TedY: A public lack of thought

Imagine that your job requires memorizing a great deal of information and having to deliver it accurately without stuttering at the risk of being immediately fired and blindly hated by thousands of Americans. Welcome to Jeremy Kappell’s (former) occupation as a meteorologist.

On Jan. 4, Kappell was live on television when he seemed to stumble in his speech and said  “Martin Luther C–n” before correcting himself with “King Jr.” He was fired within 48 hours without a chance to apologize. This firing and the ensuing overreaction from the public is absolutely sickening and deplorable.

While I do not condone what NBC did, I have to admit that their responsiveness and awareness of how these situations play out in our modern society is impressive. However, it is extremely alarming when there is a predetermined protocol for dealing with anything slightly controversial, suggesting their commonality and increasingly trite nature.

Even after testimonials from many acquaintances, speech pathologists, and even King’s daughter, Kappell has not been given a second chance by the NBC station after his obviously misconstrued utterance. However, although it may seem like NBC is in the wrong, a different truth that is becoming more evident in our society reveals itself. Society does not allow mistakes.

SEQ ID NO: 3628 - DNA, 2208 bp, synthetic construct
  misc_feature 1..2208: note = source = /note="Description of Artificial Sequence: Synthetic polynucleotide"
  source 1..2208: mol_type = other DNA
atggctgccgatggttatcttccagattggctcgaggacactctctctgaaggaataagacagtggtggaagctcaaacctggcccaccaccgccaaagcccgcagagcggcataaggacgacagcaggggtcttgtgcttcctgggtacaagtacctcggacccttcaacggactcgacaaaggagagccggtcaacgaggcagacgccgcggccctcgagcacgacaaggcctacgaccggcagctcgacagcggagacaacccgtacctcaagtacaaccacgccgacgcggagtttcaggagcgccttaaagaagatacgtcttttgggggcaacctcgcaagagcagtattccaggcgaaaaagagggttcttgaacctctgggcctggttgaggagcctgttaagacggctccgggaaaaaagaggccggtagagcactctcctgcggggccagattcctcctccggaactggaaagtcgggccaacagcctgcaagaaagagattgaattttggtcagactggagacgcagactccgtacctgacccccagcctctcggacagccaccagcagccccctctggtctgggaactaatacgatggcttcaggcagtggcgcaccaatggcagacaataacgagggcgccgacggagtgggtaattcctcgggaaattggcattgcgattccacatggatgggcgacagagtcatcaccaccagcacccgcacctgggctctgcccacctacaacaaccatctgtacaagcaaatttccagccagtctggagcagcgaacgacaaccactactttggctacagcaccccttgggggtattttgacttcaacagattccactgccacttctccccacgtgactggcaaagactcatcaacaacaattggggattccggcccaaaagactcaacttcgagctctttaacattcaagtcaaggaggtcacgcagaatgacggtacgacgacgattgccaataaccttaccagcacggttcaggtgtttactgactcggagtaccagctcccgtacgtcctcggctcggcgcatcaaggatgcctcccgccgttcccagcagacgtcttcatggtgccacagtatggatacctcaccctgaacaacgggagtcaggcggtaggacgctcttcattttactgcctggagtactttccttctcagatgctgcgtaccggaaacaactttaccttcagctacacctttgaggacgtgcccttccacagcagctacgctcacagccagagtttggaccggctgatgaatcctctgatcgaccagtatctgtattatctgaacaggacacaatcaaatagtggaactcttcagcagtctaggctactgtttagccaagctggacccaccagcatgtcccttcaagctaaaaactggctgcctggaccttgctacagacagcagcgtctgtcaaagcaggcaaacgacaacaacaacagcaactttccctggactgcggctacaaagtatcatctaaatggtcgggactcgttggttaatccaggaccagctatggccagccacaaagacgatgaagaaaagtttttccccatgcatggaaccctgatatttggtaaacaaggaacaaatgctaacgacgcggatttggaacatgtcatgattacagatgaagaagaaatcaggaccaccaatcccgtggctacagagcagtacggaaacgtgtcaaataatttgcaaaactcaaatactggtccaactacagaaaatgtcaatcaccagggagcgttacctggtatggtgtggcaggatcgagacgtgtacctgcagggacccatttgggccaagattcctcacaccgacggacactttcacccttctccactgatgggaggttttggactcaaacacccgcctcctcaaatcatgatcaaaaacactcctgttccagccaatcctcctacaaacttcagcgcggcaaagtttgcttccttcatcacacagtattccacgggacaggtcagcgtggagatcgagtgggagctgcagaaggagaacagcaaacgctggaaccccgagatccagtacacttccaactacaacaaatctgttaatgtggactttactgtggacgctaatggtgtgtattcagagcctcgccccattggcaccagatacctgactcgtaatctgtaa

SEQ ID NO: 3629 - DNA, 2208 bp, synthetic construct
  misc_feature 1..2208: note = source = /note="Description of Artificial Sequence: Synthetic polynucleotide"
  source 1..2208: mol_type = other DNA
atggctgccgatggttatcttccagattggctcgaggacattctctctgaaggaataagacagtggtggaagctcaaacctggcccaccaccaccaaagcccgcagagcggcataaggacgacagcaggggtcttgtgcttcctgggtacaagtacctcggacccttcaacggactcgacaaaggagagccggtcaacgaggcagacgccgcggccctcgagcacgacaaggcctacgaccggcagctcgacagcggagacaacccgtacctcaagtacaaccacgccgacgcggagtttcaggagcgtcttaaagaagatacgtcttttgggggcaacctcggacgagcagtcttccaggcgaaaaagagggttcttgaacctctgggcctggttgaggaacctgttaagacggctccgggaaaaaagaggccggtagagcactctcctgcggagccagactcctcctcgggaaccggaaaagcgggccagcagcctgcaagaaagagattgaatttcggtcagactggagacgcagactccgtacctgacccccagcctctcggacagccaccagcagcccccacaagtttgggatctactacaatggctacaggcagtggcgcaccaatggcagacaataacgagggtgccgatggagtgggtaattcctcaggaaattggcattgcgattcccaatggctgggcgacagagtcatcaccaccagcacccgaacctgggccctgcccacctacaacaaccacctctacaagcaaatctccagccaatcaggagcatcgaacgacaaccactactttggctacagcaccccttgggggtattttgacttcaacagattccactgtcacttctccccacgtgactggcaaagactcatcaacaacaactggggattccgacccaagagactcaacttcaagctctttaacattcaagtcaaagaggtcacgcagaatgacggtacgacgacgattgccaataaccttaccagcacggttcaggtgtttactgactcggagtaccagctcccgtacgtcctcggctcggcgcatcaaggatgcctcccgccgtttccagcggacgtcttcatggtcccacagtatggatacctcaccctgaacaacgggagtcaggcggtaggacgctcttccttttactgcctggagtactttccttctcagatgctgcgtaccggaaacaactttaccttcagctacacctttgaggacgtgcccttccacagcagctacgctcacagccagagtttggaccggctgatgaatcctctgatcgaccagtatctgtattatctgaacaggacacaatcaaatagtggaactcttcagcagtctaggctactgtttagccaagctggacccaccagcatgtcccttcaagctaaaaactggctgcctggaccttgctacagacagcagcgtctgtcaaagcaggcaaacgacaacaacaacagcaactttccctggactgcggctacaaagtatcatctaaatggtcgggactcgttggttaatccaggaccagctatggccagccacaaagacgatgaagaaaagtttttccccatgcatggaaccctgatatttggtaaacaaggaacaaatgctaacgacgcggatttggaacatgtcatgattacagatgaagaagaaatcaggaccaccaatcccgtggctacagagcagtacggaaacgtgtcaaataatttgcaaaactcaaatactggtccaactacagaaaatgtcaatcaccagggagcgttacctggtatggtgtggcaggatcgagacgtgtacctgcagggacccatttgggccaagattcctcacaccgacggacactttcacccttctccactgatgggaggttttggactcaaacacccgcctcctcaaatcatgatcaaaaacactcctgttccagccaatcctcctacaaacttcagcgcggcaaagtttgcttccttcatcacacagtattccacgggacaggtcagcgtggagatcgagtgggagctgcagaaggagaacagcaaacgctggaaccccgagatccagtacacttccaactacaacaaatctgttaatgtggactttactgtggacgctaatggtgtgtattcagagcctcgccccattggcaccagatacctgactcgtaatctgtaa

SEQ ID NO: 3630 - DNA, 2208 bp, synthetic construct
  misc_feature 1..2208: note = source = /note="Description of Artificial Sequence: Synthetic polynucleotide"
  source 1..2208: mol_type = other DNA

This principle goes contrary to the human condition and what is so well known by even the smallest children: we all make mistakes. But it seems like the threshold for what is malicious intent and what is an innocent mistake is blurring rapidly. Kevin Hart’s homophobic comments were mistakes that came with an apology. Filmmaker James Gunn was ousted even after a public letter defended him, correctly identifying him as falling victim to the lack of “due process in the court of public opinion.”

It seems like people have become accustomed to a pattern of vaguely hearing about a story, not bothering to do any research, and bandwagoning onto the side that seems to resemble their core beliefs. With “racial slur” attached to his name in every headline, it is no wonder that Kappell’s story was misunderstood by thousands.

NBC was clearly aware of this when they fired Kappell, knowing that once the association was made, it was only a matter of time before controversy would ensue. And ensue it did. I have no doubt that the people at NBC knew that his mistake was an honest one. However, harboring someone with any controversy in a sensitive area could potentially lead to misguided backlash against the company.

Although it isn’t too much to ask, people still need to learn to read past headlines and make clear distinctions between mistakes and acts of ill intent. We need to act less like the lynching mobs of Salem and use the resources we have available in order to create a complete picture in our minds before taking action against someone’s livelihood. I urge everyone, although we’re just high school students, to strive to see the full picture and as a collective of individuals, we may just be able to make a measurable difference in our society.